I have benefited from a vocation that has offered opportunities to indulge in research. It has been such a privilege. The excitement of being able to go into the field, to observe, to test ideas of others and develop one’s own hypotheses, and to be able to communicate these findings all defines this privilege. To do this with other like-minded individuals made this all the more enjoyable and creative. But this would not have happened unless more senior academics put their hope and trust in me to do the work on my terms. Read More

US Climate Indicators

Last week two articles appeared in the New York Times that revealed “times are a changing”. During the Trump years, federal agencies responsible for collecting and disseminating information on environmental and other indicators that show shifts from previous “normal” or average conditions, have been restricted in what they could publish and comment upon. These restrictions have now been lifted under the Biden administration and they are quite revealing. Read More


On 23rd April, the Prime Minister announced that the Australian Government “will make an additional $100 million investment to continue leading the world and our region in how we manage our ocean habitats and coastal environments and contribute to the global task of reducing emissions”. Hidden in these few words are not just indications of intent but claims that many may wish to contest. The purpose here, however, is to see where these intentions can best take us given various constraints as well as opportunities. Read More

Travelling west of the sandstone curtain - to Orange (NSW) and back

Going west of the sandstone curtain is a rare event for me. The central west of NSW has long been an area outside my geographic range. So a recent visit with family and friends excited those old instincts of regional geographer to explore a landscape that has evolved over 400 million years since oceanic and marine forces added to the core of the Lachlan fold belt in the Palaeozoic. Read More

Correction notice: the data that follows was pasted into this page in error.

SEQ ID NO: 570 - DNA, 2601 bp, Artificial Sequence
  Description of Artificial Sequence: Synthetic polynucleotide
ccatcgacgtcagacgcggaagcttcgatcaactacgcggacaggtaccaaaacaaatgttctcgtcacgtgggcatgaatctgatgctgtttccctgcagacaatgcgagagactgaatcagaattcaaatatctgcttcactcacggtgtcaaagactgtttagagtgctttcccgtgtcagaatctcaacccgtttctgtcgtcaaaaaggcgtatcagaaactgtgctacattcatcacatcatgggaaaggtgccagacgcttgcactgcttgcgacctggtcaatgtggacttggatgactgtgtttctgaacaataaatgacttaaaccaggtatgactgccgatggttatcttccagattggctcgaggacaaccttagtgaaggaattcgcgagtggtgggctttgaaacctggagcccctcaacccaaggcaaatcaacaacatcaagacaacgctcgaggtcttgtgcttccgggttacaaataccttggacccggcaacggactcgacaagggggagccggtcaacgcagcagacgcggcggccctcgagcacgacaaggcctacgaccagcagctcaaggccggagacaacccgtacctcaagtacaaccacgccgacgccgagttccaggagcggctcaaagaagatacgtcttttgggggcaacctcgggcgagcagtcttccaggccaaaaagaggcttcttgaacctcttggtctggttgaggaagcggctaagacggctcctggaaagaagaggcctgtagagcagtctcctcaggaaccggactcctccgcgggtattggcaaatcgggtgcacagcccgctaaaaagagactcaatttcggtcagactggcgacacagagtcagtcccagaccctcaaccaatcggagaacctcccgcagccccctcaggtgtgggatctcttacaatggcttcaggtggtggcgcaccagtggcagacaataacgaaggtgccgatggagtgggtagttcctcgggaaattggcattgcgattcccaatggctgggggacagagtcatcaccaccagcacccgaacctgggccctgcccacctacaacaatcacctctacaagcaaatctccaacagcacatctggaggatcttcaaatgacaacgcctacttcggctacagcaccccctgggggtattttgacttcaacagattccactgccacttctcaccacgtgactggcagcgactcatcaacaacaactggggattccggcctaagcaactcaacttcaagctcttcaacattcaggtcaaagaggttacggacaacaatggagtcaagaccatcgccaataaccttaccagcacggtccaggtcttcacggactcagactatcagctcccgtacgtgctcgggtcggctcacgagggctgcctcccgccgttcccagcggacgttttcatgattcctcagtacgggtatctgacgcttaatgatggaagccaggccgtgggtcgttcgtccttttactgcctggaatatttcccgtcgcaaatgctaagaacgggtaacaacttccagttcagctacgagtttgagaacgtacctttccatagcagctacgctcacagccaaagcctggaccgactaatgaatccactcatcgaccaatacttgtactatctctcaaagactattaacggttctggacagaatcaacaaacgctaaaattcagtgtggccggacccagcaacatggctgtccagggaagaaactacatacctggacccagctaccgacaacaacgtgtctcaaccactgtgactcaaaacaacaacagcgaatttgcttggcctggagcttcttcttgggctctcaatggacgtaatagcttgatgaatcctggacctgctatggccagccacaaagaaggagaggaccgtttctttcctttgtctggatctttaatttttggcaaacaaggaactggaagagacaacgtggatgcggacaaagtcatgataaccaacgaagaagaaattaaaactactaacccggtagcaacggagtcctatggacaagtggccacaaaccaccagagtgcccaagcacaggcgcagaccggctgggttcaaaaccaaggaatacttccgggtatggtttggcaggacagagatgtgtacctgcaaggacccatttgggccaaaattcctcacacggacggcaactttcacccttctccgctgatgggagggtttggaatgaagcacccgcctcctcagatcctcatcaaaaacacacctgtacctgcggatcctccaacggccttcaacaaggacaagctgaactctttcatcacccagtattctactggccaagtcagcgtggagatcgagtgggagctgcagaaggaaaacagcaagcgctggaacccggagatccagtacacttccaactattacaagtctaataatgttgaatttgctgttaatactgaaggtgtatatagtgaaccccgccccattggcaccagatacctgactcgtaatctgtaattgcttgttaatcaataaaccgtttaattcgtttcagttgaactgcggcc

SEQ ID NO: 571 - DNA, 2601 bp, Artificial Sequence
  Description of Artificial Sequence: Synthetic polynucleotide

Simon Winchester is one of my favourite authors. He brings to his stories a background in geology. I was captivated by the book “The Map that Changed the World” (2001); it was about a geological map and a man named Smith. But his other works such as “The Fracture Zone”, “Krakatoa”, and “When the Earth Shakes” follow a similar theme. This year he has published an enthralling book: “Land” with the subtitle “How the hunger for ownership shaped the world” (William Collins,2012). Read More


“Flood plains are for floods”: so said Moss Cass, Minister for Environment in the Whitlam Government. The occasion was the devastating Brisbane floods of 1974. He recommended buy back of properties in harm’s way, and yes, a voluntary scheme was put in place. Guess what? More development took place after the Wivenhoe dam was built allowing for a repeat of devastation in the 2011 floods. Protocols in place to manage dam water levels were somewhat confusing between the role of the dam for flood mitigation and water supply. Read More


Over the past three decades or so much has been written on the response of wetland ecosystems bordering estuarine waterways to sea-level rise. In some ways this followed many geological studies supported by radiocarbon dating and lots of coring in marshes and swamps in the northern hemisphere where continued sea-level rise in the late Holocene has left behind a distinctive buried record of marine transgression. Read More


Soon after the NSW Coastal Policy was released in 1998 a debate occurred at a coastal conference that the Government had misrepresented the boundary of the Coastal Zone. The mapped boundary did NOT include the natural coastal system based on river catchments. In essence the Zone was defined by a line 1km back from high water including lakes and rivers using the nearest cadastral boundary as the landward limit. Maps were prepared and gazetted. Inside that boundary certain statutory provisions prevailed based on legislated planning provisions. This boundary, with modifications and extensions, prevails today. Read More